South Korea's Young Social Entrepreneurs: A Solution to a Broken Education System?

By Park, Rufina Kyung Eun | Kennedy School Review, Annual 2015 | Go to article overview

South Korea's Young Social Entrepreneurs: A Solution to a Broken Education System?


Park, Rufina Kyung Eun, Kennedy School Review


ON THE SURFACE, South Korea's education system has notable merits. In the OECD's (Organisation for Economic Co-operation and Development) 2012 Programme for International Student Assessment (PISA) test, which measures the cognitive skills of fifteen-year-olds from sixty-five participating economies around the world, South Korea ranked fifth overall in mathematics, reading, and science. (1) In the same year, South Korean students placed second, just behind Singapore, in the first OECD assessment of problem solving skills. (2) US President Barack Obama has made repeated references to South Korea's successful education system, even suggesting that American children are not adequately prepared for the twenty-first century economy because they spend less hours in school compared to South Korean children. (3)

While the United States and other countries applaud South Korea's academic achievement, the deeper reality reveals an education system ruled by intense competition and an obsession with grades. Unless viable and equally rewarding alternatives to the standard postsecondary pathway are made available, students will continue to sacrifice their health and creativity for South Korea's top position in international education league tables. Developing a strong, young social entrepreneurial sector that challenges cultural norms may be a solution to the education crisis.

SOUTH KOREA'S EDUCATION CRISIS

South Korean society places an unusually high value on being admitted to one of the nation's top three universities--Seoul National University, Korea University, and Yonsei University. Graduating from one of these prestigious universities is a golden ticket to the best jobs, social networks, and even marriage partners. (4) Among OECD countries, South Korea has the highest proportion of twenty-five to thirty-four-year-olds with tertiary education. (5) With so many students vying for limited spots at top universities, the competition is especially fierce. (6) Consequently, this has forced K-12 schools to focus on test preparation and rote memorization while neglecting creativity, self-expression, and discussion. (7) An article by the BBC, "South Korea's Schools: Long Days, High Results," reveals the dark side of South Korea's education system through the story of Hye-Min Park. Park, a teenage girl living in the affluent Gangnam district in Seoul, studies for more than thirteen hours each day, waking up at 6:30 a.m. for school and studying until 11 p.m. at an after-school hagwon (cram school), where she continues to learn academic material necessary for the college entrance exams. (8)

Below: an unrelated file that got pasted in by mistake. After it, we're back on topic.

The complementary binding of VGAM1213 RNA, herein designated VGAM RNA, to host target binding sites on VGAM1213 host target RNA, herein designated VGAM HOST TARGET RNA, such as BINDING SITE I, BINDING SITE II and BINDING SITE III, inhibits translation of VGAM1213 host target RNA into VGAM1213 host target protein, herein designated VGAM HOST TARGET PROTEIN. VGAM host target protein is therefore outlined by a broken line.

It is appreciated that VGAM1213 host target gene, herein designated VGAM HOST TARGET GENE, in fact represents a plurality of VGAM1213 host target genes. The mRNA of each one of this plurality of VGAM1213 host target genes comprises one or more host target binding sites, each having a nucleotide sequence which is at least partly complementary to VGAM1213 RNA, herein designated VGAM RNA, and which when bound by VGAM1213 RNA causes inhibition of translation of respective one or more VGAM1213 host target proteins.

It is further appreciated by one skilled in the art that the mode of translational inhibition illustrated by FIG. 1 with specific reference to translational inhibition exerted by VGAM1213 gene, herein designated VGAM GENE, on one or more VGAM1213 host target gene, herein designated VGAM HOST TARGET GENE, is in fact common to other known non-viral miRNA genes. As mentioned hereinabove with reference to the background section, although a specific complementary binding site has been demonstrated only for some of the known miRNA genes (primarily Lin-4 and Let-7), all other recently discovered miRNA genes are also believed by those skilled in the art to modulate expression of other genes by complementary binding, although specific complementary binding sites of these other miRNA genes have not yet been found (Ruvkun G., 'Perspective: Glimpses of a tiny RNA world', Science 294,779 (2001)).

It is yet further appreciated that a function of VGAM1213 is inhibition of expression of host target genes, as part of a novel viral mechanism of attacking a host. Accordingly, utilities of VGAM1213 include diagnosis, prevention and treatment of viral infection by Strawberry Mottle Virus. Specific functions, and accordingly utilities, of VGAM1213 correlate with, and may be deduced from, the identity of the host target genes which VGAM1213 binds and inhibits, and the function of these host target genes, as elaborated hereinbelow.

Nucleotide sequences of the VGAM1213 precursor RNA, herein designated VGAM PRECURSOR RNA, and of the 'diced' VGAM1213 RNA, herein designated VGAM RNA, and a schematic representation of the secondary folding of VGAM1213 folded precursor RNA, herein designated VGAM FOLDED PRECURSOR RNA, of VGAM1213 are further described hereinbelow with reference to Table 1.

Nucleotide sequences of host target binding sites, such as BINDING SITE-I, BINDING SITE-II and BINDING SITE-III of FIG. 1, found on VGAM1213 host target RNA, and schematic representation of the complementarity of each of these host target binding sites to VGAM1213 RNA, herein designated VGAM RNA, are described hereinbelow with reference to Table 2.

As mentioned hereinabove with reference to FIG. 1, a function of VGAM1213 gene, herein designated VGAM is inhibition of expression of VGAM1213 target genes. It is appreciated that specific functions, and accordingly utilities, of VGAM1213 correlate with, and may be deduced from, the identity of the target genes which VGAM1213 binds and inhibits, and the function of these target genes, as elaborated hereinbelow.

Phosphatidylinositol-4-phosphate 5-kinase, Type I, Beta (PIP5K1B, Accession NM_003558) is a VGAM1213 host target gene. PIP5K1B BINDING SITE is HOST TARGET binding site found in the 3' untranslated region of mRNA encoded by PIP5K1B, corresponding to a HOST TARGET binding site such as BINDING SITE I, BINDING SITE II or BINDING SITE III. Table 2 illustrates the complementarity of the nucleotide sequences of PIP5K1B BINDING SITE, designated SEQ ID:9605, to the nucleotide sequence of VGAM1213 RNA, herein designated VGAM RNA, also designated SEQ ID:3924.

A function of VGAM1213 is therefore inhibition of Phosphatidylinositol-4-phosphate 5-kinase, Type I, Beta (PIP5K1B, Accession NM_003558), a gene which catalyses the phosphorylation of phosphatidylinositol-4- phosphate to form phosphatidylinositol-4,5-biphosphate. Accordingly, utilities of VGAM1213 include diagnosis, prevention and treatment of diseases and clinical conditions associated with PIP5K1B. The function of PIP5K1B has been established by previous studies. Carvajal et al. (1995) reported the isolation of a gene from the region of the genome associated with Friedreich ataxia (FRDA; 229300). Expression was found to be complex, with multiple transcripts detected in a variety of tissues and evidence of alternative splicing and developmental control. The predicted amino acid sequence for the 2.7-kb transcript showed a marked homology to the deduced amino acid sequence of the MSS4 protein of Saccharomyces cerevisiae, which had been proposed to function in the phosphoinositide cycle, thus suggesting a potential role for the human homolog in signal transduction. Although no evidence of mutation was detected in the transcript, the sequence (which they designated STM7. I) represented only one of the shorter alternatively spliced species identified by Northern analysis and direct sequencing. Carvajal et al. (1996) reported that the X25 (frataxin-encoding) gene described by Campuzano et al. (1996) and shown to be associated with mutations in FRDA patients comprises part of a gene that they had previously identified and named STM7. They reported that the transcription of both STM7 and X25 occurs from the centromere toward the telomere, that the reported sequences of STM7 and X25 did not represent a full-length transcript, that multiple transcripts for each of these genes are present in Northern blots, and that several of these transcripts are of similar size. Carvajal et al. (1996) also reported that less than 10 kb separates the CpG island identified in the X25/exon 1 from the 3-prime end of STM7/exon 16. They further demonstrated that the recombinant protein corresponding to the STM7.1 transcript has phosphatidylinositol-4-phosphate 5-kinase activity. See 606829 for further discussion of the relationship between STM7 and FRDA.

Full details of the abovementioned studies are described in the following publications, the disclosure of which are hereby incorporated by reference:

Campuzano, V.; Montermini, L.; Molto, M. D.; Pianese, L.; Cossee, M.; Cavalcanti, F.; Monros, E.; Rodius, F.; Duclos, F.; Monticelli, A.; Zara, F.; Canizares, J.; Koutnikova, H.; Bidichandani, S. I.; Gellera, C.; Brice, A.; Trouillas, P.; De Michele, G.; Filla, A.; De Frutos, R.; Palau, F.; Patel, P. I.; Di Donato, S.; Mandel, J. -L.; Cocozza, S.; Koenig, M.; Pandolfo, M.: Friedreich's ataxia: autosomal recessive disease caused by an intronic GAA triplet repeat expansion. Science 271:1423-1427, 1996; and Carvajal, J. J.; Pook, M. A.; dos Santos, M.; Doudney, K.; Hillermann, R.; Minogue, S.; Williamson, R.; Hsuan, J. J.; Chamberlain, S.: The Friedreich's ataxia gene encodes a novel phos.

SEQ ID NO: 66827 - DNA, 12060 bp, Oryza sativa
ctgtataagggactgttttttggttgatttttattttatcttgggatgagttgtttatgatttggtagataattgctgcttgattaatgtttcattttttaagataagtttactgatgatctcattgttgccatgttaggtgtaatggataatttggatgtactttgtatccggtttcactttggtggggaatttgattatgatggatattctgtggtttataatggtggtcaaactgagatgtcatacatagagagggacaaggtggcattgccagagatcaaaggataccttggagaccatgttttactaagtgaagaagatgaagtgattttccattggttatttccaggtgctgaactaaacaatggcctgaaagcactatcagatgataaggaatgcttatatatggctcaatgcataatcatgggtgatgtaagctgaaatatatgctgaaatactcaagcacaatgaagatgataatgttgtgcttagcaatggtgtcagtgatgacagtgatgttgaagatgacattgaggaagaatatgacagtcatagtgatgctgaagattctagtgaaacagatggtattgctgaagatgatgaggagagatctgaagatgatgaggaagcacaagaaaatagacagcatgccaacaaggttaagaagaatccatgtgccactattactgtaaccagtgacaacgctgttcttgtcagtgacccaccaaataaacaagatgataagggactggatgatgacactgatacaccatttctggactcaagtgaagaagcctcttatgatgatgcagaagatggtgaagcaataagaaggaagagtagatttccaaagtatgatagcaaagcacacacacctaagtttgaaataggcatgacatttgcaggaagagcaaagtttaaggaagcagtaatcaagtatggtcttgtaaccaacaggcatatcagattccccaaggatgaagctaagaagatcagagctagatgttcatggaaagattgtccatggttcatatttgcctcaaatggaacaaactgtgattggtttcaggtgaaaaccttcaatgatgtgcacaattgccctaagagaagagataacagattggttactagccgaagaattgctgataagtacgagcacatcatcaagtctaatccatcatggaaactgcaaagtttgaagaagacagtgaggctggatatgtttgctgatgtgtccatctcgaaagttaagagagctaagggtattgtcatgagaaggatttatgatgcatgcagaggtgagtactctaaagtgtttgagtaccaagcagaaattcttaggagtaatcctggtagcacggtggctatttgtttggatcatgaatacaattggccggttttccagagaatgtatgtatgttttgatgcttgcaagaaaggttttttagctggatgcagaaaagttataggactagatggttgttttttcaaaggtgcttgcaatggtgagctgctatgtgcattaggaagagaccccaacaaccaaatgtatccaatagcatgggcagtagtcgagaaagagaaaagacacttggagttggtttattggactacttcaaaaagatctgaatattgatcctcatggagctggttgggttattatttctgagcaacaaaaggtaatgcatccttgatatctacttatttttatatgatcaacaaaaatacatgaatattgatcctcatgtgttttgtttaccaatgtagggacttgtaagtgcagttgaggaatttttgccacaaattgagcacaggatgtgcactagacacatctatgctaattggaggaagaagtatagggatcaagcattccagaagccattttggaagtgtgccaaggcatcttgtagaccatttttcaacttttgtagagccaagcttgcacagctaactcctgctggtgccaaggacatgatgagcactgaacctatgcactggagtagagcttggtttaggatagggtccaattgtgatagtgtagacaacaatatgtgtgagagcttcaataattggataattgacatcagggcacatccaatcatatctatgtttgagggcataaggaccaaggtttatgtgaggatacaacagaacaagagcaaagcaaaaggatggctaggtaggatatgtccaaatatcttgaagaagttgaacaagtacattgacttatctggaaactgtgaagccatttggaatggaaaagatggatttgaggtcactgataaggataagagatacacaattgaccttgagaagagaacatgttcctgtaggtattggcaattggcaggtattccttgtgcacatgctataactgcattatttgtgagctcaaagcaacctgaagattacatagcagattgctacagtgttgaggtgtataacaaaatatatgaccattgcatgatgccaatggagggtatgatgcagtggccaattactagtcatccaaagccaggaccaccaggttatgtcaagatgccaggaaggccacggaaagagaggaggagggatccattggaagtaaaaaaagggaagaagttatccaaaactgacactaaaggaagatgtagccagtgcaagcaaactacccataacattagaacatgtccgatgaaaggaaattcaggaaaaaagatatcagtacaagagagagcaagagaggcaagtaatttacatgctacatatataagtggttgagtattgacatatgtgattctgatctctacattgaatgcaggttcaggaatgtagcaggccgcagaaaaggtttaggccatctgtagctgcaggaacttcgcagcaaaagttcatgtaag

Research confirms that Hye-Min's story is not an isolated incident. According to Statistics Korea, in 2013, nearly 70 percent of students from grades one to twelve took part in after-school activities. In total, South Koreans spent over $18 billion on after-school programs. Additionally, individual families paid $239 each month per child, about 80 percent of which was allocated to after-school academic programs. (9) Although it is difficult to measure the actual hours students spend studying, it is reported that South Korea's middle school students sleep an average of six hours and thirty-nine minutes a night, which is considerably lower than the recommended eight hours and thirty minutes. More worrying is that older students in high school sleep even less, on average five hours and forty-five minutes. (10)

This obsession with academic competition is causing more serious damage than just disturbances in sleep cycles. A 2014 Korea Health Promotion Foundation survey of fourteen through nineteen-year-olds found that about 65 percent of respondents expressed feeling severely stressed about future uncertainty and school grades. (11) Even more disturbing is that 2012 South Korean government data revealed that, for the sixth time in a row, suicide was the leading cause of death for young people between the ages of nine and twenty-four. …

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